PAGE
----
Perhaps Western civilization is in a post-decline phase, or maybe the decline is just taking a really long time, like the Roman Empire's did. The Romans had gladiators and Christian-hungry lions and that sort of thing. We have MTV.
You don't hear TV cops griping because they have to enforce some Draconian law that shouldn't be on the books in the first place, or lamenting vindictive excesses in sentencing. Hollywood, supposedly a frothing cauldron of liberalism, has always been conservative on crime.
A fellow with the inventiveness of Albert Einstein but with the attention span of Daffy Duck.
Your humble critic confesses that he has been wrestling with 'weight issues' since leaving college lo these, uh, several years ago, so it's hard to be receptive to the moralistic scolding and patronizing encouragement offered endlessly by the allegedly well-meaning.
In the best traditions of American comedy, from its beginnings through the crash-bang comedies of the 1990s and 2000s, Leslie Nielsen skewered the otherwise proper, did it with mischievous delight and convulsed audiences mercilessly.
'Leave It to Beaver,' which ran from 1957 until 1963, was one of the strangest, sweetest, most distinctive domestic sitcoms of television's celebrated Golden Age.
Maybe Larry Kings cannot thrive or even survive in a world where the norms for discourse are rage, vehemence and character assassination. King wanted to be liked, not feared; admired, not loathed.
You know you're getting older when - well, first off, when you read almost any story that begins 'You know you're getting older when.' But you also know it when you not only never heard of the musical guest on a given 'Saturday Night Live' but never heard of the host, either.
'American Idol' is sometimes lumped with reality shows and it has that element - folks-next-door battling it out in a contest. But instead of fighting leeches, bugs, parasites and each other, as on CBS's 'Survivor' and other shows that imitate it, the 'American Idol' contestants, of course, sing.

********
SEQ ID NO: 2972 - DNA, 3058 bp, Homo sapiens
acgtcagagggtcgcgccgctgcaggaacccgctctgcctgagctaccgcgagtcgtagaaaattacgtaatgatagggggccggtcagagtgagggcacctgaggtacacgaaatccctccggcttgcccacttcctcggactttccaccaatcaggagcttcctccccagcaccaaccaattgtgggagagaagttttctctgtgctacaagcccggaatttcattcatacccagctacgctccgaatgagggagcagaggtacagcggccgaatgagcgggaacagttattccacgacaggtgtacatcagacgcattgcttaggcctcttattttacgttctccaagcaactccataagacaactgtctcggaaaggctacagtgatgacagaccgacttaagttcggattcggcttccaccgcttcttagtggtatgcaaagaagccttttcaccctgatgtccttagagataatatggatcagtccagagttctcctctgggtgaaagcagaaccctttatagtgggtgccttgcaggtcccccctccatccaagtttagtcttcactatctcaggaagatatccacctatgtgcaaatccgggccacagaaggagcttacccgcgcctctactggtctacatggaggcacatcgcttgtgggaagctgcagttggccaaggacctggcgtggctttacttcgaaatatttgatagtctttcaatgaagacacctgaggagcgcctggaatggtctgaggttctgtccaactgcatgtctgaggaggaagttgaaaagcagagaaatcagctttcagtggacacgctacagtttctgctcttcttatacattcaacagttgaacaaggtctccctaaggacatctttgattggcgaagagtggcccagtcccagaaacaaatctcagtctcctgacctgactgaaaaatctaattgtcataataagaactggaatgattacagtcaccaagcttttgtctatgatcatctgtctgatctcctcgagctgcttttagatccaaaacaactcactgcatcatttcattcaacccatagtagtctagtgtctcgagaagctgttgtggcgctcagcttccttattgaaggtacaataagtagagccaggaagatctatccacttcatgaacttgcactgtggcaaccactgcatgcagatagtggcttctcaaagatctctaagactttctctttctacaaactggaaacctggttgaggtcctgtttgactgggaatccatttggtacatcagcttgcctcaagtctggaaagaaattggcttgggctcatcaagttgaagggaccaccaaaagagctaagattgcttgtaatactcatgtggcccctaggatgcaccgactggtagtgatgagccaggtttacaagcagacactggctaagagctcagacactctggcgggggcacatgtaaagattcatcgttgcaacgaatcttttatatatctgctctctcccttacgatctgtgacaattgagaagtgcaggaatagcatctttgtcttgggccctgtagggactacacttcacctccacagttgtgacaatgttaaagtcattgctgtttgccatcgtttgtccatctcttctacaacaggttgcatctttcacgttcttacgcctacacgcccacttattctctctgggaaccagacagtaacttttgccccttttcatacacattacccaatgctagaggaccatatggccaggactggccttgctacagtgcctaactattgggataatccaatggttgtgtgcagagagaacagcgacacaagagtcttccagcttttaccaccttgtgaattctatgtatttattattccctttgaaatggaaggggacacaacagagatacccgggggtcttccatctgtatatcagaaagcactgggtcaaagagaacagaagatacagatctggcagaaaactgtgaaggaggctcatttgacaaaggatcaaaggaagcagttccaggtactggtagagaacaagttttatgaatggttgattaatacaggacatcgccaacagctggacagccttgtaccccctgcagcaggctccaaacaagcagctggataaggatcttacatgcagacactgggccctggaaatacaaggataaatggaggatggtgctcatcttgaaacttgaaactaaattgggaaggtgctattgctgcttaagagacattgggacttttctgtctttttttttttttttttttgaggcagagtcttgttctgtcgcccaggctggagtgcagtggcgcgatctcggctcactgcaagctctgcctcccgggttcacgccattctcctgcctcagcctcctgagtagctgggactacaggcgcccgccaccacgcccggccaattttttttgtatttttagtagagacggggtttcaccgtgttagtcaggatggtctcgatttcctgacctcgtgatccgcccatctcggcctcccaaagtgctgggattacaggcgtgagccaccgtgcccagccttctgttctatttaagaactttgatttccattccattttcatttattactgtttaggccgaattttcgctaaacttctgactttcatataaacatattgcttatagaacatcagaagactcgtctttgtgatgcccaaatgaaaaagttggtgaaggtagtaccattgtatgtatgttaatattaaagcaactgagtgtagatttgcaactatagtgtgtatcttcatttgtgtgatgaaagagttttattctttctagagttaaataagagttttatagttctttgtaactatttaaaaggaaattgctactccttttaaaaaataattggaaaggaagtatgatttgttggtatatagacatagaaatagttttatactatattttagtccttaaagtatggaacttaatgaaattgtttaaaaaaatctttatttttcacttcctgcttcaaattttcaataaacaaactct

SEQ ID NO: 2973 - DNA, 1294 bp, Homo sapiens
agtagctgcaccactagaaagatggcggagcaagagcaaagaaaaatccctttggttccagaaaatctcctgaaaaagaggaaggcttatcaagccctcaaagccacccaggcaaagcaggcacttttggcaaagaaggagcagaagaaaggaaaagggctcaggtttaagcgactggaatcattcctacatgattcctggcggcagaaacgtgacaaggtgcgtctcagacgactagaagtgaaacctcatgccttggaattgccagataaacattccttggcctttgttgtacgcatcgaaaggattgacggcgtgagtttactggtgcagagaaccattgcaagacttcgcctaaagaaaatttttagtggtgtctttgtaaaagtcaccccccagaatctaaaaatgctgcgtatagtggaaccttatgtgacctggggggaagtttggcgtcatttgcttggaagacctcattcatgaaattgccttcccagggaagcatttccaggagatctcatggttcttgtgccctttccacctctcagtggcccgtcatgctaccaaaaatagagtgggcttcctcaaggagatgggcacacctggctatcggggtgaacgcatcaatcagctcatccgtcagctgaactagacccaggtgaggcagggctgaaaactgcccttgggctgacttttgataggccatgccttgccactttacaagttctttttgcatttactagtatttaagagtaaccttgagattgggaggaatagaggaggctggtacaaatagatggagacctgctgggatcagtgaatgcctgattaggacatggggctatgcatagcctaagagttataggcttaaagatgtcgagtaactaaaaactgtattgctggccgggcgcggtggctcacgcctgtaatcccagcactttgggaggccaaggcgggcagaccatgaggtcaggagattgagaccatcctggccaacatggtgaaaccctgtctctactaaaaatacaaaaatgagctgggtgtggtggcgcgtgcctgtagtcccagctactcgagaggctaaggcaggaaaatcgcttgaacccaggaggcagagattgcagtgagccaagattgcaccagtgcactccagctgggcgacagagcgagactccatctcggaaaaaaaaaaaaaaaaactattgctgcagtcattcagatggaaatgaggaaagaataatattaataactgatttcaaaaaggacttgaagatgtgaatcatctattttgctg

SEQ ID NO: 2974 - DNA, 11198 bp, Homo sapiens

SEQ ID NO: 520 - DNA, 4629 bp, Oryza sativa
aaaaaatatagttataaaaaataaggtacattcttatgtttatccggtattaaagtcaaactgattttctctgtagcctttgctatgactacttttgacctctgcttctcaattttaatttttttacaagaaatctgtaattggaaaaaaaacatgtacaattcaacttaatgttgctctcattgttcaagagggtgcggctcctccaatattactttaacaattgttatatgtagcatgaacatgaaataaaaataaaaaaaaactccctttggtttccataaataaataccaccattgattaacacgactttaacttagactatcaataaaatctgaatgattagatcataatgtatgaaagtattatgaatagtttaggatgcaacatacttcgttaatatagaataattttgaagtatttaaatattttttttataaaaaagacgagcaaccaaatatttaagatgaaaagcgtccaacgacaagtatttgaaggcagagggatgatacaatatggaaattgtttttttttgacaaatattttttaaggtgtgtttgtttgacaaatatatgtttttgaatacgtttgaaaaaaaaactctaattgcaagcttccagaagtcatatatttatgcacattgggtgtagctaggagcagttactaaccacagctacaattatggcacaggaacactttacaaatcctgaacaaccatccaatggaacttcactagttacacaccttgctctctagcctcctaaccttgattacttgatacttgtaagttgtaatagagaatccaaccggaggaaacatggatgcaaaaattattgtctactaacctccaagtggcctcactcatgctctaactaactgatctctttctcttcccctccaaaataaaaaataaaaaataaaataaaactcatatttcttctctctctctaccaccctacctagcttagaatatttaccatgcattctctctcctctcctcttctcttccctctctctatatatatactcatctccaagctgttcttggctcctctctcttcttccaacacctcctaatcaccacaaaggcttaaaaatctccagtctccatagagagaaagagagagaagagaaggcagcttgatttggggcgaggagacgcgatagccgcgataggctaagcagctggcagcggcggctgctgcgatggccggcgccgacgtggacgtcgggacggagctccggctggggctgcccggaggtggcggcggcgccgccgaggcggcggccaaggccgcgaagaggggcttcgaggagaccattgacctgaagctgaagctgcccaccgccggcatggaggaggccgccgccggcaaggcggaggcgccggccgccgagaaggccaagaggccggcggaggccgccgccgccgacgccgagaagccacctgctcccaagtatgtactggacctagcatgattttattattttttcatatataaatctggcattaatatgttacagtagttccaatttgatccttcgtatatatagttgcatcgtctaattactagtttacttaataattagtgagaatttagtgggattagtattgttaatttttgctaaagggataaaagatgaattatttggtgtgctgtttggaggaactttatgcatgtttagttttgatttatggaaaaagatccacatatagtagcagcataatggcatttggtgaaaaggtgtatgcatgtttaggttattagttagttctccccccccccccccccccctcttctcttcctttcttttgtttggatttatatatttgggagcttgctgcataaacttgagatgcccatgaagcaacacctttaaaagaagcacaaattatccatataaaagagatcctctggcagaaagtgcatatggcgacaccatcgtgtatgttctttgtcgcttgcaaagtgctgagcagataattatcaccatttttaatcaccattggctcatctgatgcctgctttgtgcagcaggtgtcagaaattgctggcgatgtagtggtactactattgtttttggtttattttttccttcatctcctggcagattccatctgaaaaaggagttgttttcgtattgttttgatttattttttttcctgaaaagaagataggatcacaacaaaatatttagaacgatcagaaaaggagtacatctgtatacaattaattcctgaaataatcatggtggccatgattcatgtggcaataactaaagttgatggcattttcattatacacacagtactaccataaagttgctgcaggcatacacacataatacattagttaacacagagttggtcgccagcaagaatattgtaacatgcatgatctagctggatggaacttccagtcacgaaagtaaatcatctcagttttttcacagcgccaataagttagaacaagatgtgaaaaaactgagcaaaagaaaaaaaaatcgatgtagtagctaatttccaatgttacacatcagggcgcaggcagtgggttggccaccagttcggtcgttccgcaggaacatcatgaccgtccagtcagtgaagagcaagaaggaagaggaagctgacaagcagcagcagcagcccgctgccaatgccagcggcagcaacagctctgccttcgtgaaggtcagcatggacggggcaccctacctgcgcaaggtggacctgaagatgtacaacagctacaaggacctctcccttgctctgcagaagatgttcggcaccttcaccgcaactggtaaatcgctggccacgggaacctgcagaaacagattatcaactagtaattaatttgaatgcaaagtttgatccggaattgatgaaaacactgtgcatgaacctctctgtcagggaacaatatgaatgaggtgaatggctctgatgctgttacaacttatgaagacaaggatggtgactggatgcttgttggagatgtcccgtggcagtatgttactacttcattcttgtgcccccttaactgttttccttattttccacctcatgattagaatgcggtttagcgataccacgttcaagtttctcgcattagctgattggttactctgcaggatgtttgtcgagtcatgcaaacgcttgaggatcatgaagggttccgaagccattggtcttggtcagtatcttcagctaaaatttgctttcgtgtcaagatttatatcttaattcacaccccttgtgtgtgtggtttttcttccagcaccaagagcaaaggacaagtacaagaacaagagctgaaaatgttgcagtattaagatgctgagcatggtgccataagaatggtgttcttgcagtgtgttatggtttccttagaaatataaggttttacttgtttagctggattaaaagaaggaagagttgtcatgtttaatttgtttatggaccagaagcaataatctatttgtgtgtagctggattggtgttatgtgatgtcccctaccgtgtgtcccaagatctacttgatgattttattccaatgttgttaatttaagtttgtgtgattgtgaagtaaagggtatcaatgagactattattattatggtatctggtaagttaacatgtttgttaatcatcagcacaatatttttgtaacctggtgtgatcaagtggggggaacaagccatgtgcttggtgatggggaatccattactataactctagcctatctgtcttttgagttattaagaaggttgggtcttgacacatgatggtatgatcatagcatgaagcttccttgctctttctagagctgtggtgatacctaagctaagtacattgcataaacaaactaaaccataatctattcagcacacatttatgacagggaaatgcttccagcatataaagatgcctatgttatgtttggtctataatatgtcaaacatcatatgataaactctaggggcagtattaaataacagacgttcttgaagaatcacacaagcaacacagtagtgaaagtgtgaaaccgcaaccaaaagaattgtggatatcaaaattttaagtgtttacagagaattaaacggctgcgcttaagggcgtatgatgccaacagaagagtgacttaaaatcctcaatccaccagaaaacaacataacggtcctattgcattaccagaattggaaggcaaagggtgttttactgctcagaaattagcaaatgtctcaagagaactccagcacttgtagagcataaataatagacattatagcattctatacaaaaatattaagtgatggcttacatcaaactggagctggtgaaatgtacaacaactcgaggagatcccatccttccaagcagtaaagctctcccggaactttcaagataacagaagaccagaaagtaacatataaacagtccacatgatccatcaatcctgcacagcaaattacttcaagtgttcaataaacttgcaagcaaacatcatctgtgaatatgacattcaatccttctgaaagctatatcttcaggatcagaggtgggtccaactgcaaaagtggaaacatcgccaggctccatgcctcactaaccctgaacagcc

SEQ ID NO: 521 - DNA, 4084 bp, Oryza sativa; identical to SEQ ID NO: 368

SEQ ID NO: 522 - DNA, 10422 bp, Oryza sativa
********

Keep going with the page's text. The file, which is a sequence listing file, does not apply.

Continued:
Why, on my mother's birthday, am I thinking about 'Father Knows Best?' At our house, mother knew best at least as often as father did, but then the title of the old sitcom, a homogenized portrait of American family life, was meant to be slightly sardonic.
People of a certain age look back on the Mayberry of 'The Andy Griffith Show' and become almost as homesick for that simple fictional hamlet as they do for their own home towns.
Perhaps unscripted reality shows and written fiction have already blurred together into some new amalgamated mush, just as the line between commercials and programs has been trashed.
The once inviolate frame within which programs or commercials were displayed on television - always separately - has been violated to a pulp. Program content is seen increasingly as a mere backdrop on which ads are posted like billboards on a fence.
Larry King's show got to be an increasingly lonely outpost of humane civility in a mephitic menagerie of hotheads, saber rattlers, cretins and crackpots.
Tom Snyder was big enough to fill the night with talk and his own persona. The Snyder we saw on TV was not a replica of the real guy; it was the real guy.
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